Is San Antonio older than 300?

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A professor outlines the contributions of indigenous people before Spaniards arrived.

By Janie Medelez

sac-ranger@alamo.edu

In celebration of San Antonio’s Tricentennial, it is important to recognize the contribution made by indigenous people and other people here before the Spaniards, Dr. Lisa Ramos, Mexican-American studies coordinator, said to about 38 students Nov. 6 at the Wesley Foundation.

“American Indians did not disappear; they are not extinct; they are here,” Ramos said. “Many of us look in the mirror, and there’s the evidence.”

“I notice all the buildup of the tricentennial and I just want to make sure that in celebrating the 300th anniversary of the Spanish presence that we recognize that there were other people here before the Spaniards’ representatives of the Spanish Empire,” Ramos said Nov. 7 in a phone interview.

“People tend to think of the defeat of Montezuma, the Mesheeka ruler of the Aztec empire, by Hernan Cortez as indigenous people giving up, submitting to the Spaniards, as the end of indigenous people, but that’s not true,” Ramos said.

They were not easily defeated by the Spaniards, indigenous people continued to fight long after Cortez conquered Montezuma and the Aztec empire.

Different indigenous people kept fighting after the Aztecs were conquered in 1521. She said they fought in the Pan India Mixtón War 1540-1541 and the Chichimeca War going on till 1590, and they were said to have lived as far north as South Texas.

“It was within the Spanish communities where the Spaniards had established missions, presidio, small pueblos all the way up to Missouri and the Carolinas with a strong Spanish presence,” she said.

She explained the importance of remembering the communities existed because of the indigenous people. They were the ones sustaining and protecting the forts, building the missions, doing all the heavy labor. They were actually building, constructing the sites where they were going to live, where the missionaries were going to live and they were going to maintain those cities.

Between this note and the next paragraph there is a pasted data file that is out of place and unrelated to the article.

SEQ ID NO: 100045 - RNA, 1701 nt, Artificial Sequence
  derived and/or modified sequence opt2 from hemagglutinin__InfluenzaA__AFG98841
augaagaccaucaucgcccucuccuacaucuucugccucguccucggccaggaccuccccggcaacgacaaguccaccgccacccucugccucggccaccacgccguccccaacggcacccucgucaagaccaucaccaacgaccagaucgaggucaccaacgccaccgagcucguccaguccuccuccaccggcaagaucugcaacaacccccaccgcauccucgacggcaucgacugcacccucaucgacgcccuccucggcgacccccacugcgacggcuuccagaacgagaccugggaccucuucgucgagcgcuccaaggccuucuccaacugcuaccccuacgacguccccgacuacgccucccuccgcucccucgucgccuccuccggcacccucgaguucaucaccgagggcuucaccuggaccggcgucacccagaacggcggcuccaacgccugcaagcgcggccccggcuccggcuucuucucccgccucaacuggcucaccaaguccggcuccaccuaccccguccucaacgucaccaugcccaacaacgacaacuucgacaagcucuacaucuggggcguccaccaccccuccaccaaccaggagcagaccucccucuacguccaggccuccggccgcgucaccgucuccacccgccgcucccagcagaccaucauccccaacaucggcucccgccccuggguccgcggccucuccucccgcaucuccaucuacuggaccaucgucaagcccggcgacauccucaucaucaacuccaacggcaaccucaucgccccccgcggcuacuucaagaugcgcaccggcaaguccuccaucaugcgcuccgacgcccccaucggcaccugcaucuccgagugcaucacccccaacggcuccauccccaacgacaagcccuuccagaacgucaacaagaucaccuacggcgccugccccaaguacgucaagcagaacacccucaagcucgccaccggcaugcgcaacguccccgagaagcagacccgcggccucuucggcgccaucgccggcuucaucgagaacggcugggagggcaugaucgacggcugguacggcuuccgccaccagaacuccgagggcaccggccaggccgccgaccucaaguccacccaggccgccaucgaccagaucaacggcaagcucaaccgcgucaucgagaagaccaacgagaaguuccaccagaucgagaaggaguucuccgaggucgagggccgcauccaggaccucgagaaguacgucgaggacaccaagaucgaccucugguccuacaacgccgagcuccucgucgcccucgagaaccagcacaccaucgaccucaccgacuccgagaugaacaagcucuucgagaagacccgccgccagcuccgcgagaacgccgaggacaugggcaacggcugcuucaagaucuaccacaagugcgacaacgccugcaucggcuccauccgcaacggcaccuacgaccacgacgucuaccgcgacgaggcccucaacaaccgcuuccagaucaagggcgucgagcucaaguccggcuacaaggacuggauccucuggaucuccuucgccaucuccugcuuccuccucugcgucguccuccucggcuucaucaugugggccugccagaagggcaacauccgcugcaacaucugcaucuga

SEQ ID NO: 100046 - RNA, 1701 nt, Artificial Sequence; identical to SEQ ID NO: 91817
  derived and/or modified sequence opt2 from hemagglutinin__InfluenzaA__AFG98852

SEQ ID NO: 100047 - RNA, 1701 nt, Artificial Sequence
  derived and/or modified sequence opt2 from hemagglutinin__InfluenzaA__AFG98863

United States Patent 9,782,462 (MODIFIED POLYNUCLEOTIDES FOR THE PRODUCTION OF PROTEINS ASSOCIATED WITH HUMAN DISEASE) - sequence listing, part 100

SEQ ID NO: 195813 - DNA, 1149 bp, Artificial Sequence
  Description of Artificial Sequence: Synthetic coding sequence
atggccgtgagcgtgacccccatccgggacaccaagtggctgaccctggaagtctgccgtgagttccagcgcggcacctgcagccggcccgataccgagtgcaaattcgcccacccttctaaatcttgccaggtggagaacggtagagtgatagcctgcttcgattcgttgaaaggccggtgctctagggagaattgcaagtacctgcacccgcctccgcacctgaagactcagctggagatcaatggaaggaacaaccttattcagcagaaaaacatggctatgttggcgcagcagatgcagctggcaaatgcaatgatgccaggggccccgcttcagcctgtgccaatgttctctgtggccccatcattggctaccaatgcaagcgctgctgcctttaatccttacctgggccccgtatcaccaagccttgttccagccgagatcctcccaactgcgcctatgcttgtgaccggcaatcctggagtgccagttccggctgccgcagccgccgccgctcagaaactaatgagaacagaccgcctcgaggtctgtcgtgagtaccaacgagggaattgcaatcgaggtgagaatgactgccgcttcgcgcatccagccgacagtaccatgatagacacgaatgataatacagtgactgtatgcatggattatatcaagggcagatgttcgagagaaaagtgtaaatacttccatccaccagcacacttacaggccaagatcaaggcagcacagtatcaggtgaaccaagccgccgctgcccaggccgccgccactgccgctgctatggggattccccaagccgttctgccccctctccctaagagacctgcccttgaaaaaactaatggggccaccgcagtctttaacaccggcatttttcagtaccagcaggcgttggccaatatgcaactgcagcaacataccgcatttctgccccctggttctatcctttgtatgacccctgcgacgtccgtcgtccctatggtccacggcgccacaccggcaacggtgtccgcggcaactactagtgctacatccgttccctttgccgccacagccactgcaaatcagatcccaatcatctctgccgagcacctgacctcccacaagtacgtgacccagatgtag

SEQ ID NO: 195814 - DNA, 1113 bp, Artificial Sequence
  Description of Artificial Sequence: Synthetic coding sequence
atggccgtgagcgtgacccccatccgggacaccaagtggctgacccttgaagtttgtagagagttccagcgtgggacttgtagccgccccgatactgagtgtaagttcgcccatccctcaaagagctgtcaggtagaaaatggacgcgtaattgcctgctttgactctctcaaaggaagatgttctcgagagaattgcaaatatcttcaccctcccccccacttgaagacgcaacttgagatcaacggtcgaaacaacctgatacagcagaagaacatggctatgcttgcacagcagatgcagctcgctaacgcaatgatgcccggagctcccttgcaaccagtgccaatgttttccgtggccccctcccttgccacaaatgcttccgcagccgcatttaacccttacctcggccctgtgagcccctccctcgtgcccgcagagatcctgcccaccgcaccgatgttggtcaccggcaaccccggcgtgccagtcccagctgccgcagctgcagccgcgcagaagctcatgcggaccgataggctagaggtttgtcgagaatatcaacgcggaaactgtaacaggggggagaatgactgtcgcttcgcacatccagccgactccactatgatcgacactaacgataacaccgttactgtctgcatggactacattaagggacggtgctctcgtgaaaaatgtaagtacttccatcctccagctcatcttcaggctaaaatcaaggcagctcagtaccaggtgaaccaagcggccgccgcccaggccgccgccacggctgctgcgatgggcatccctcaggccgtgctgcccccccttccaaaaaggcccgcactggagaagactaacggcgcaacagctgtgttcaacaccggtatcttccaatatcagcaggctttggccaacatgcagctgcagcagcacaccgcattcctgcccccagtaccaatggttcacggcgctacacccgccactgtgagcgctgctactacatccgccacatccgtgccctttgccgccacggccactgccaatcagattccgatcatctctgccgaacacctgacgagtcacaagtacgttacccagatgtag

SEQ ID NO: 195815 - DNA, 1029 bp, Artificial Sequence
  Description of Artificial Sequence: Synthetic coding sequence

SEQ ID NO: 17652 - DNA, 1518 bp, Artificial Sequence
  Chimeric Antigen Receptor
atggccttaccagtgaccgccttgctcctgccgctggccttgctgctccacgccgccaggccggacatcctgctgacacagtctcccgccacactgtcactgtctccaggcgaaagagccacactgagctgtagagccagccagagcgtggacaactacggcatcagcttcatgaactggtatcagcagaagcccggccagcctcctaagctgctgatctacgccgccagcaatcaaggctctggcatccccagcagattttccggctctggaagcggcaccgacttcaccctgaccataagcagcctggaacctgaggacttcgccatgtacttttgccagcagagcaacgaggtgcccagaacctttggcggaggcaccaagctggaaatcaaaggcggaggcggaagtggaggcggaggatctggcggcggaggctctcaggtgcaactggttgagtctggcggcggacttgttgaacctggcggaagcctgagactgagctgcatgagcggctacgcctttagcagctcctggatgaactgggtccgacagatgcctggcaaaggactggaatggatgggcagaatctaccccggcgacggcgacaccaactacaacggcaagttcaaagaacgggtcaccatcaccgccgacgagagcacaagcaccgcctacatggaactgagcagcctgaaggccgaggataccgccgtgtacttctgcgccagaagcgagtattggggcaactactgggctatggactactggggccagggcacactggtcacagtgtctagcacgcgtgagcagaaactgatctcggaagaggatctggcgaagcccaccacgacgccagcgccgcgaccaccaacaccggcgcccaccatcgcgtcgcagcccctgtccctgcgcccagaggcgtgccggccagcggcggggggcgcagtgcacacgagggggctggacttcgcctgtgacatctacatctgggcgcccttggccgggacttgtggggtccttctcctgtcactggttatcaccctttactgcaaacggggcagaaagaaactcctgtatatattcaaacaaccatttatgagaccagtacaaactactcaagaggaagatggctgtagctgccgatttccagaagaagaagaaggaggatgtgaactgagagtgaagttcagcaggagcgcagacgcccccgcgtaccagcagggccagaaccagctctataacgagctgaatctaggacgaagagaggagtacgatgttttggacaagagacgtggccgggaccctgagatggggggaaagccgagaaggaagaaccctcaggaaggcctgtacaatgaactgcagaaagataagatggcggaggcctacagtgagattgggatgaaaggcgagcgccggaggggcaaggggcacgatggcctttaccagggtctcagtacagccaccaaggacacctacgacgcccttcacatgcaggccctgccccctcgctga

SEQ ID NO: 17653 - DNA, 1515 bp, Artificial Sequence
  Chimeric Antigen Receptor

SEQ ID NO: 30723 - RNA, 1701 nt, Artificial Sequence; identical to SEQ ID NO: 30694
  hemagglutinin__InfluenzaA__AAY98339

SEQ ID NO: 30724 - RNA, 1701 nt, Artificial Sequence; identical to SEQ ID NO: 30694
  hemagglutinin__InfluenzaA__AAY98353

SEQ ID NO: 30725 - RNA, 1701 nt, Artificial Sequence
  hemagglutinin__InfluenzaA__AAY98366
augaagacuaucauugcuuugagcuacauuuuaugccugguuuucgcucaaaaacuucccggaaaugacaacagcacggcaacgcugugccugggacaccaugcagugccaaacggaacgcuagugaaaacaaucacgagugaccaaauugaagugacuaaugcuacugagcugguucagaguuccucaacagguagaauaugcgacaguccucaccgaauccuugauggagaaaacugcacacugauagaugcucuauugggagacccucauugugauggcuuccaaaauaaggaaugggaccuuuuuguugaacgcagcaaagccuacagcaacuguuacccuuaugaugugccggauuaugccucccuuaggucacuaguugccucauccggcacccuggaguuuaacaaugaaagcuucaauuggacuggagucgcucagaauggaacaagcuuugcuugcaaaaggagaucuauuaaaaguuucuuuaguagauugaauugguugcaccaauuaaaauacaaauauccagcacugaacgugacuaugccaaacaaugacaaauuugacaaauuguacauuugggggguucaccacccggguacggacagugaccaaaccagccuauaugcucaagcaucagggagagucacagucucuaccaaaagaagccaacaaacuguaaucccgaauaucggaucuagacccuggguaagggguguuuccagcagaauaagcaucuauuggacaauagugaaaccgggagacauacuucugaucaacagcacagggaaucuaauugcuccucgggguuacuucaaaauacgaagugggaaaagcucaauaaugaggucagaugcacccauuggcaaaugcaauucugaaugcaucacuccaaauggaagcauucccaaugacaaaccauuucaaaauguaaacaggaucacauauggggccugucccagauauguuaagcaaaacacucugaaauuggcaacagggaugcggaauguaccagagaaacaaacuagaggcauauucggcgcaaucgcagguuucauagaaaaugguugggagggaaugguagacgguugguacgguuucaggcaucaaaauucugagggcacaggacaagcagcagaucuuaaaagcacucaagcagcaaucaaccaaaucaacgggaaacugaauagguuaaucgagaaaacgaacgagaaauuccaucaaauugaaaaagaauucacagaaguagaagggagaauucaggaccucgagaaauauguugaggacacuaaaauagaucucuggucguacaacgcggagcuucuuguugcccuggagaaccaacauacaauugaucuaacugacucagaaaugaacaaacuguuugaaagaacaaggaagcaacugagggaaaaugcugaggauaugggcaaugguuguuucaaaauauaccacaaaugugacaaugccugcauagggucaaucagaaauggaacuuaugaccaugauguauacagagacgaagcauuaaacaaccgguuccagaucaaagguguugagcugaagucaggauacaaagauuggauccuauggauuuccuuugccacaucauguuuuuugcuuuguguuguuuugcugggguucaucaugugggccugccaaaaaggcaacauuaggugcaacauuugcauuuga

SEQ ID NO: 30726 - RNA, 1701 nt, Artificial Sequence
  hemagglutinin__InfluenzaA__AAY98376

Besides the emphasis of the indigenous people running the so-called Spanish communities, their largest contribution is food, according to the website of the department of agriculture at usda.gov.

Sixty percent of the foods are of indigenous origins, such as potatoes, squash, beans, corn, popcorn and chocolate. Even products such as tobacco, canoes, cigars and rubber came from indigenous people who do not get credit for them.

“People tend to focus on European contributions,” Ramos said.

The American indigenous people used over 2, 654 plants for healing and medicinal purposes.

“They were doctors and healers, but we often don’t know this vast knowledge that they had,” she said.

She talked about the writings of Father Solis who traveled to the missions in San Antonio in 1767 and his description of the Indians taking charge of the ranch.

She said they were the cowboys taking care of the ranch, carpenters and tailors who were creating and building the San Antonio that exists today.

“The native Indians were the first cowboys, not the Spanish. They were indigenous. They were the Coahuiltecan Indians,” she said, attributing that view to Ramon Vazquez, the executive director of the American Indian of Texas the Spanish Colonial Mission.

She talked about the Chicano movement when students were questioning the fact that textbooks did not mention contributions made by a Mexican person.

They wanted teachers who looked like them, counselors who would encourage them to continue their education and go to college, she said.

“Today there are organizations that are trying to bring back the indigenous. These organizations want to teach us about people of Mexican descent, of indigenous descent, who should not be ashamed to be Native American, to be Coahuiltecan Indian,” Ramos said.

People have a responsibility to recognize the indigenous heritage, Chicano history is American history, and starts with the indigenous people, she said.

“The Spanish Empire sent representatives here to establish permanent Spanish presence, so we’re saying that is the founding moment, and it’s not,” she said. “If we want to talk about the founding moment, let’s go back 15,000 years ago, when we can establish based on archaeological records that there were people here. And if we really want to celebrate founders, let’s recognize that we’re actually older than 300 years old,” Ramos said in a phone interview.

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